By: Stacy M. Brown,
NNPA Newswire Senior National Correspondent
After the White House announced a plan to expand access to affordable high-speed internet for millions of Americans, particularly low-income families, it didn’t take long for Comcast to ensure its customers took advantage.
The Affordable Connectivity Program (ACP), created under the historic bipartisan infrastructure bill, has allowed Comcast to offer free and discounted internet service to customers in its Beltway Region of Maryland, Virginia, Washington, D.C., and parts of Delaware, North Carolina, and West Virginia.
The program provides $30 per month toward the cost of internet or mobile service to eligible low-income households.
Maryland has agreed to provide an additional $15 per month.
“The impact means for eligible households, there’s no reason anyone should have to pay for internet service,” said Misty Allen, the vice president of government affairs for Comcast’s Beltway Region.
“In Baltimore, eligible households can get $30 applied through the federal government, and the state of Maryland is providing an additional $15, so that’s up to $45 each month,” Allen remarked. “When you talk about impact, we know that there are three major barriers to internet subscription. One is relevancy, where people ask, ‘why do I need internet service when I have a phone?’”
“Do I have the skills? Maybe I don’t have a computer. The third is affordability,” Allen added. “This takes affordability off the table because internet service effectively can be free for Maryland residents.”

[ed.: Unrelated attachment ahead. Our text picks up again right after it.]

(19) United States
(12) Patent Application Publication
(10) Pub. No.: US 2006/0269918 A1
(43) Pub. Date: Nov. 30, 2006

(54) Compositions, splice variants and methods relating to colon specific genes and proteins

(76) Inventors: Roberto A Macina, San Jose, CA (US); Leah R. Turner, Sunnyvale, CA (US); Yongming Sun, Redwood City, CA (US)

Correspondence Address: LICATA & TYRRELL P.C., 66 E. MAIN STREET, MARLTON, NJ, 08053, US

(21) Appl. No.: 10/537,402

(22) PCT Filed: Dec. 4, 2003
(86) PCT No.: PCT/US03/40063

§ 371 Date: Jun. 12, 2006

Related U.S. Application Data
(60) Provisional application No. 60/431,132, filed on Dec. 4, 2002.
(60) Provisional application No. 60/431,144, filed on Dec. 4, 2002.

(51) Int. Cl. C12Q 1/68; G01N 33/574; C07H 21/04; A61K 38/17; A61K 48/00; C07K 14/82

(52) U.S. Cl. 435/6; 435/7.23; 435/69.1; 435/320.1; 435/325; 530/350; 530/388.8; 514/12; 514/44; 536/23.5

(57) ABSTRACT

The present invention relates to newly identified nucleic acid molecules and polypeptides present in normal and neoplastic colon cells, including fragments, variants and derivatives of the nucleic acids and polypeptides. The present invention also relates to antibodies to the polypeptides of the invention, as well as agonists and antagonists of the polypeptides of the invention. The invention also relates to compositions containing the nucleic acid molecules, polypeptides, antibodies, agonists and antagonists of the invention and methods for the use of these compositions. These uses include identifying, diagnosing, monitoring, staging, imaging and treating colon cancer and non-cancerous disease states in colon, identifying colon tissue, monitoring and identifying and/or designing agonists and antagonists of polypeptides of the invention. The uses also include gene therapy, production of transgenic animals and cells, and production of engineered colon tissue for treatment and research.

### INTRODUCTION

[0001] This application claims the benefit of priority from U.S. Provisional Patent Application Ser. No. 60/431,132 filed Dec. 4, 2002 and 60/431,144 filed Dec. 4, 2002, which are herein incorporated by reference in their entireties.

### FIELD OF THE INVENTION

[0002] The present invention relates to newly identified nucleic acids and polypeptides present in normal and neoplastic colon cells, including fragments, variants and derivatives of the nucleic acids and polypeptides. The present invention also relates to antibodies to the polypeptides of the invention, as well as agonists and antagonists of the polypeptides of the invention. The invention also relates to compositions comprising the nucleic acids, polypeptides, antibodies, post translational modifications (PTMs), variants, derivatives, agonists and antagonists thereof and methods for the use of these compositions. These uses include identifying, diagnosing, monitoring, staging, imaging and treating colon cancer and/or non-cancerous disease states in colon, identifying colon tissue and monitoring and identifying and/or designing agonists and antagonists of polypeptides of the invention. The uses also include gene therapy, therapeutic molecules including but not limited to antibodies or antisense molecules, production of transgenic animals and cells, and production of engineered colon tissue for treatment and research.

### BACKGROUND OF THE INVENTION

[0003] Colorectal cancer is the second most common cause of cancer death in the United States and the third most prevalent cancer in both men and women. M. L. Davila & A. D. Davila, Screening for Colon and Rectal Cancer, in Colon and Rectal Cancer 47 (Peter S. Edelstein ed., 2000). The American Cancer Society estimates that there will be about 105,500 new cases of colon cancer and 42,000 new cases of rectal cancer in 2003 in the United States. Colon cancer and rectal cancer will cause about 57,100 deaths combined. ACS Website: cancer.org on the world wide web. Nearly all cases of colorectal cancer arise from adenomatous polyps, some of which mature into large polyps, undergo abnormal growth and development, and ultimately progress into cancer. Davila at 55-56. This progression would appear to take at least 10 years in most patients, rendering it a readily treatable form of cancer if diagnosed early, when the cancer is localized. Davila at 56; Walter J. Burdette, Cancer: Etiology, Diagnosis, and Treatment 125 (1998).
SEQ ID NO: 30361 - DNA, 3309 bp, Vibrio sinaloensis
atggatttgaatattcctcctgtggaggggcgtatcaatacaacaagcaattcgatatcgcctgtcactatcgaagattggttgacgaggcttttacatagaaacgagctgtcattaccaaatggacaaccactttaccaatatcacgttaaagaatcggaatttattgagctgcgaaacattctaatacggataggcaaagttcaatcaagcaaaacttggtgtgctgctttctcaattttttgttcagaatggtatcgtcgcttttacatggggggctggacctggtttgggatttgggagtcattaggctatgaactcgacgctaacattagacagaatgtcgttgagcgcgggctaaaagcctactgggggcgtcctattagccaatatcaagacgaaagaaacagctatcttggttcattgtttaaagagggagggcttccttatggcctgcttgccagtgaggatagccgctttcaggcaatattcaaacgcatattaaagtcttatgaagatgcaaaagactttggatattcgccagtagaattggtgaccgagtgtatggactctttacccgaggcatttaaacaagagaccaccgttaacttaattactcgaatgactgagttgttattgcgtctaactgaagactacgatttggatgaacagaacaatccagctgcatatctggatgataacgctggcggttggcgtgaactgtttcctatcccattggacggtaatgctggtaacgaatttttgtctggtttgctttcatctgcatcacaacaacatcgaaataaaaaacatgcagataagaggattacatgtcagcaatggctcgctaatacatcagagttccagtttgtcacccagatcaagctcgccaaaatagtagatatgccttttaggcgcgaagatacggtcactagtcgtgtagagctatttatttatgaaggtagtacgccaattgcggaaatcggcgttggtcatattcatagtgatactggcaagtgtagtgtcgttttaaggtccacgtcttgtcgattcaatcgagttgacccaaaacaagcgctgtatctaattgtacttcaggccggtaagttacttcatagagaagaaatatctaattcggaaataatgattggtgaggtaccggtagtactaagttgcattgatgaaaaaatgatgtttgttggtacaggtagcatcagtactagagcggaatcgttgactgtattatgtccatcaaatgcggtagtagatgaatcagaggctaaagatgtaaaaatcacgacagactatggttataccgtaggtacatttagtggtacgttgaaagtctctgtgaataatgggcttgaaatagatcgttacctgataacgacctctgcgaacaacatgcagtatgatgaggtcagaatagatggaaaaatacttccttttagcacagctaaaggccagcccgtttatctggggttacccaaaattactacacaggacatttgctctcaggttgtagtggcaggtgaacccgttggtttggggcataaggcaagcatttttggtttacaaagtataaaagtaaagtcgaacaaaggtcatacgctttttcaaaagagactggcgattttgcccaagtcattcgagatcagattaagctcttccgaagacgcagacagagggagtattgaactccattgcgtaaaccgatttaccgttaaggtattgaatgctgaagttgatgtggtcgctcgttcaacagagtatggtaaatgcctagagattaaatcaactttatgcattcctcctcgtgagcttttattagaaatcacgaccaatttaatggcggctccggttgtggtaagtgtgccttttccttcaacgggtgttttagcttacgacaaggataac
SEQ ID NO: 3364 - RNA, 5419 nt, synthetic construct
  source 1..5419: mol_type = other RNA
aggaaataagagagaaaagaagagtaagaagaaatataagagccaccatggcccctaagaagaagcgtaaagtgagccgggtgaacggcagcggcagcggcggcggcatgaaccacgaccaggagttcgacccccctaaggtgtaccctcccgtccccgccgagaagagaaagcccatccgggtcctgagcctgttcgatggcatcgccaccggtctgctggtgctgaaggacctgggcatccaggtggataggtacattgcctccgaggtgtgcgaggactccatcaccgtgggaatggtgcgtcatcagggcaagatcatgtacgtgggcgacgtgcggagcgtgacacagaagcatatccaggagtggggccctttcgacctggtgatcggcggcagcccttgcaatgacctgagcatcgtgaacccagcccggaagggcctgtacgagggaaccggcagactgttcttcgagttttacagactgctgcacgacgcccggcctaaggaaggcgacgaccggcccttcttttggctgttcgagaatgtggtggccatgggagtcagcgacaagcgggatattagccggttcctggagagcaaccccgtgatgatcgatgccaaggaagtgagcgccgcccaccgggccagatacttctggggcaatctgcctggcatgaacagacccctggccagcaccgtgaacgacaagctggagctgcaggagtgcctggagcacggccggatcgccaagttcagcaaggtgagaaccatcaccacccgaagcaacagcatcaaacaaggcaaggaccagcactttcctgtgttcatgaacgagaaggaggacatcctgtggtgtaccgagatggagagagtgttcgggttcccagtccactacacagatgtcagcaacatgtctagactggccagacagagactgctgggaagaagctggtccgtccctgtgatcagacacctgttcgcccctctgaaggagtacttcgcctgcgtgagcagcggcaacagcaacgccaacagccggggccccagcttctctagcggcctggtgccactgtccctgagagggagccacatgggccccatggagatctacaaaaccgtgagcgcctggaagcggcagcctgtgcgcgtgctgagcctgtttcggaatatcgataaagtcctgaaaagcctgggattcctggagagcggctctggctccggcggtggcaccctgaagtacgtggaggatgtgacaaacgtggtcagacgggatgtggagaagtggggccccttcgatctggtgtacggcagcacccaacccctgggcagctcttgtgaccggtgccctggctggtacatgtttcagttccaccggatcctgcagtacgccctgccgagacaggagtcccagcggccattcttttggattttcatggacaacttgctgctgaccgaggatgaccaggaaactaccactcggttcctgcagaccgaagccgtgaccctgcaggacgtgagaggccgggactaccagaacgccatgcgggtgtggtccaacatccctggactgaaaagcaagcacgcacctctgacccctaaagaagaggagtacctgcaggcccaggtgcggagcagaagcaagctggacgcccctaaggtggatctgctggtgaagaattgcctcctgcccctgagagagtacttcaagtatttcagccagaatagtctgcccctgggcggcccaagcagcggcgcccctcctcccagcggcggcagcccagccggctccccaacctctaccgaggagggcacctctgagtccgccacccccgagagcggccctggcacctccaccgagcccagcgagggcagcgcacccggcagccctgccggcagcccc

Comcast and its community partners in the Beltway Region – including Montgomery Housing Partnership, The Green Beret Project, and The Senior Zone – are hosting ACP awareness events throughout the summer where residents can learn about eligibility, benefits, and how to sign up.
The ACP program should help households of color where government officials provided statistics that show Latino Americans are 15 percent less likely to have high-speed internet than their White peers, while Black families are nine percent less likely.
Additionally, about 35 percent of all people living on Tribal lands lack access to broadband services.
The Biden-Harris administration estimated that 48 million households qualify for the ACP, accounting for about 40 percent of all households in the U.S.
Qualifying households can either earn below 200 percent of the Federal Poverty Level or have a member who receives other government benefits such as SNAP, Medicaid, or Supplemental Security Income.
“The success of the program is highly depended upon people being aware that’s available,” Allen stated. “We are emailing our customers, running television commercials, and doing everything we can as providers, but we’re also working with community leaders, elected officials, and nonprofits.”
“We’re getting that information out to them and asking them to help us spread the word. We are working with the Y’s, the Boys & Girls Clubs, Catholic Charities of Baltimore, Fight Back, and the Baltimore Digital Equity Coalition has a hotline to help people who call in looking for resources,” she continued. “We are working the social fabric of these communities to help get the word out because these are the folks doing it every day to help their communities.”
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